- Litang Liang, 63, of Boston, is accused of informing the Chinese government of dissidents’ activity in the U.S., including reporting the whereabouts of democracy activists and pro-Hong Kong demonstrators.
- Liang is charged with conspiracy to act as an agent of a foreign government and acting as an agent of a foreign government without notice to the U.S. attorney general.
- Liang’s goal was to “covertly advance the PRC government’s goals and agenda within the United States,” according to prosecutors.
A Boston man worked with Chinese government officials over roughly a four-year period to keep tabs on Chinese activists and dissidents in the area who were calling for pro-democracy reforms in the communist nation, federal prosecutors said Friday.
Litang Liang, 63, a U.S. citizen who lives in Boston’s Brighton neighborhood, was charged with conspiracy to act as an agent of a foreign government and acting as an agent of a foreign government without notice to the U.S. attorney general, the U.S. attorney’s office in Boston said.
Liang, who was arrested Tuesday, was released Thursday on $25,000 bond with electronic monitoring after pleading not guilty, according to court documents. He also surrendered his passport and was ordered not to leave Massachusetts or have any contact with Chinese government officials.
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An email seeking comment was left with his attorney.
Liang is accused of “providing the PRC government with information on Boston-area individuals and organizations; organizing a counterprotest in the United States against pro-democracy dissidents; providing photographs of and information about U.S.-based dissidents to PRC government officials; and providing the names of potential recruits to the PRC’s Ministry of Public Security,” according to court documents.
PRC is the People’s Republic of China.
The goal was to “covertly advance the PRC government’s goals and agenda within the United States,” according to the indictment.
China has been accused in other cases of trying to interfere with activists in the U.S. critical of Beijing.
Last month, two men were accused by U.S. authorities of helping establish a secret police station in New York City on behalf of the Chinese government, and about three dozen officers with China’s national police force were charged with using social media to harass dissidents inside the United States.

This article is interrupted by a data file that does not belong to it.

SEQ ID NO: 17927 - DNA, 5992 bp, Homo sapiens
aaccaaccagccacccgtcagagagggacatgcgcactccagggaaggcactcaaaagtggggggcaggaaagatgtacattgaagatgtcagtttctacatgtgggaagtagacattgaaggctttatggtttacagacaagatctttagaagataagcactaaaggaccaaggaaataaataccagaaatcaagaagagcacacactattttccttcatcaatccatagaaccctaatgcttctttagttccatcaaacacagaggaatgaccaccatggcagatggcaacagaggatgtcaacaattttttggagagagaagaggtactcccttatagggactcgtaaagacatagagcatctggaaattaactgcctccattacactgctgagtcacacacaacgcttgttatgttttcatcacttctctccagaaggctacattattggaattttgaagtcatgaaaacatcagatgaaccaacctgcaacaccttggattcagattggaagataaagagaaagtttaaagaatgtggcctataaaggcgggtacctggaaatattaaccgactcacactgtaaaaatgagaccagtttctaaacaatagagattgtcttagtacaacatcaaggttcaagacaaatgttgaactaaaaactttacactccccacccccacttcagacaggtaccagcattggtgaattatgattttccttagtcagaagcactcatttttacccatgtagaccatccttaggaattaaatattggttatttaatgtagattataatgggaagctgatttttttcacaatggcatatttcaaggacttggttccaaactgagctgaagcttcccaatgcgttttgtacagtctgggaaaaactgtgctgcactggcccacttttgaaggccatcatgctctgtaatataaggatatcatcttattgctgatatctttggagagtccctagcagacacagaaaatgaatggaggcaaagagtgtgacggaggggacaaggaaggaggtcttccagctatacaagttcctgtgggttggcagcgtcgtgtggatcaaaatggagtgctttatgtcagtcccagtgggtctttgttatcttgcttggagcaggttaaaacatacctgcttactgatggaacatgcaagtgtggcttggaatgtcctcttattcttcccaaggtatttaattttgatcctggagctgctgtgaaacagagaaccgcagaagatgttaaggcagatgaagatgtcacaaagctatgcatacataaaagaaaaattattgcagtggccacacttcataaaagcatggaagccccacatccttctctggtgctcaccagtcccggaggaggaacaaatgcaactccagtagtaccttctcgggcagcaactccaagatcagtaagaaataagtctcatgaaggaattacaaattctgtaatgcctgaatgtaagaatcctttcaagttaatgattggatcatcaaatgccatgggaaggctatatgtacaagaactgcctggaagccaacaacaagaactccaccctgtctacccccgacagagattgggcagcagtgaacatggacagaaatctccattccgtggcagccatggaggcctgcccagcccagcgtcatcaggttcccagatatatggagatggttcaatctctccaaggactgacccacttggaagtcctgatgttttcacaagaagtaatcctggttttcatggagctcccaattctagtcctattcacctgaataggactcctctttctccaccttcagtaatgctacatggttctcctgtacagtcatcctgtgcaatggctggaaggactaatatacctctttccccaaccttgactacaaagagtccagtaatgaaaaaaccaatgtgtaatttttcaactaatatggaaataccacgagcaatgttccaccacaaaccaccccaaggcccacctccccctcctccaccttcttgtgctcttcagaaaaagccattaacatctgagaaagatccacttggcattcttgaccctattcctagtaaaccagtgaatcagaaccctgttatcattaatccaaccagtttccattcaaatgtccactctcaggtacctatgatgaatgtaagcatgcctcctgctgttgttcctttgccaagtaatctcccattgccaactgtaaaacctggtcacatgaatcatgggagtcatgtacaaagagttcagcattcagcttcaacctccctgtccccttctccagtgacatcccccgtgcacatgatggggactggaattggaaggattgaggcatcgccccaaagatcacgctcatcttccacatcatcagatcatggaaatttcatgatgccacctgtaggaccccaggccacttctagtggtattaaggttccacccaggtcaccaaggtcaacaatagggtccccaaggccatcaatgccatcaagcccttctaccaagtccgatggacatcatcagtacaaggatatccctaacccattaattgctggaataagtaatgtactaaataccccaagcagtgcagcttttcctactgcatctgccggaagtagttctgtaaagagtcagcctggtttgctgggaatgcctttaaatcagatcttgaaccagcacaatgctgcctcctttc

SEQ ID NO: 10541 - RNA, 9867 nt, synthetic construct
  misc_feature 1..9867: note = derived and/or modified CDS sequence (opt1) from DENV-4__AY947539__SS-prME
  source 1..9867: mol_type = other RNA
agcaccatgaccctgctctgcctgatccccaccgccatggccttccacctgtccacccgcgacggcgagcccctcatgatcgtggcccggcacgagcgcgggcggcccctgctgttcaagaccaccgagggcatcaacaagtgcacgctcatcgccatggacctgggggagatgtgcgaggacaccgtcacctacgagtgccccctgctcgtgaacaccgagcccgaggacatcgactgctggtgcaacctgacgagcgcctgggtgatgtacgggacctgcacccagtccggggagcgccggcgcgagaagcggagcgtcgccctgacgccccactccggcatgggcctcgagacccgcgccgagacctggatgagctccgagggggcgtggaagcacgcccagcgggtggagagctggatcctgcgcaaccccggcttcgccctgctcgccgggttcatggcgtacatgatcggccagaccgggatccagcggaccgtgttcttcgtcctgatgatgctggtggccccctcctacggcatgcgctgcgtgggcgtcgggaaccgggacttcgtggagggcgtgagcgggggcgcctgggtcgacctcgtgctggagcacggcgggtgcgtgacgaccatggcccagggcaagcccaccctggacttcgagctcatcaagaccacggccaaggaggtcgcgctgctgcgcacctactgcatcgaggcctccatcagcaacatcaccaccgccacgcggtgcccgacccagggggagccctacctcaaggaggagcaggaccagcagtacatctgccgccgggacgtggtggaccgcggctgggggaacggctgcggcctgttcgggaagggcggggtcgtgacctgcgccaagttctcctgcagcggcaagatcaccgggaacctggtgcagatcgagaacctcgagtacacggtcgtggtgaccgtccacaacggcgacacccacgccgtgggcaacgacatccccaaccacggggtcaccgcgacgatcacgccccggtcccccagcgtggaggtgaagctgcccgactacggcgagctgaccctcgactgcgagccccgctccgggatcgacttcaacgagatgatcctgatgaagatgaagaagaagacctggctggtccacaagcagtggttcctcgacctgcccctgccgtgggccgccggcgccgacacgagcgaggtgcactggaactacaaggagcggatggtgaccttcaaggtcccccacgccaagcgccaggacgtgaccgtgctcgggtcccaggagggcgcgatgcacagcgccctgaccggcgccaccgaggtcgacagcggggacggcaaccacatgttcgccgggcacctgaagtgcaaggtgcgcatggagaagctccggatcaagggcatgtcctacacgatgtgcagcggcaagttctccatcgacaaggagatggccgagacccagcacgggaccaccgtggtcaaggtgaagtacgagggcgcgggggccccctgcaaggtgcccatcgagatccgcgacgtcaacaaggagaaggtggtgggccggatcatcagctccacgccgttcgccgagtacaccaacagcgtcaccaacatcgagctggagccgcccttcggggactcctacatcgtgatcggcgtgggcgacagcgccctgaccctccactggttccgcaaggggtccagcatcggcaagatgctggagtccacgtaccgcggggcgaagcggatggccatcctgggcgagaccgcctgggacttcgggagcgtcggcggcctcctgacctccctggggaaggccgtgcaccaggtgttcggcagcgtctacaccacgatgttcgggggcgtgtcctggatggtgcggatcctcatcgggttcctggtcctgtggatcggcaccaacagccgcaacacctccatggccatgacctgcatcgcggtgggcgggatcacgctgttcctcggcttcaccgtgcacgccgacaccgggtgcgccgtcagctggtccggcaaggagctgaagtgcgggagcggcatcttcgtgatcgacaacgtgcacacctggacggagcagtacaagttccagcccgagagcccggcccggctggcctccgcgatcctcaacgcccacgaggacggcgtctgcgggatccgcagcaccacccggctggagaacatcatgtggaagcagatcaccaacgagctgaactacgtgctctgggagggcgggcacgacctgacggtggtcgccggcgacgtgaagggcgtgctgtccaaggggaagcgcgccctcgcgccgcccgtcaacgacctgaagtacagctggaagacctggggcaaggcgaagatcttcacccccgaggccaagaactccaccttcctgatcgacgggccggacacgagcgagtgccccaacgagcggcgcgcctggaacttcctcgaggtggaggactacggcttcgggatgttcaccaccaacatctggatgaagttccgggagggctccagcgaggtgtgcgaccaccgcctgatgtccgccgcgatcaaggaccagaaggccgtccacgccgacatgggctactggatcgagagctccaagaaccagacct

Liang’s cooperation with the Chinese government started in 2018 and lasted until at least last year, prosecutors said.
In one case, according to prosecutors, Liang sent a Chinese government official photos and videos of a student activist he believed was responsible for destroying Chinese flags during a 2018 protest in Boston’s Chinatown neighborhood.
Liang organized an event in Boston in 2018 that was attended by at least two Chinese government officials, one of whom asked Liang for the name of a person who attended and worked for an elected Boston official. Liang provided the name as requested, authorities said. Court documents did not name the elected official.
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Liang also provided video of a dissident attending the “Boston Stands with Hong Kong” march in August 2019 and the following month sent photographs of dissidents in front of the Boston Public Library to a Chinese government official, calling them a “bunch of clowns trying to cause trouble,” prosecutors said.
Liang had contacts with high-ranking Chinese diplomats in the United States, the Ministry of Public Security, and the United Front Work Department, which reports directly to the Central Committee of the Chinese Communist Party to further party goals, prosecutors said. He also visited China in September, where he attended events to mark the 70th anniversary of the founding of the modern Chinese state.
The Boston man is also accused of providing Chinese government officials with the names and professional affiliations of two people in the Boston area for possible recruitment by China’s Ministry of Public Security, prosecutors said.
Liang is due back in court on July 6.
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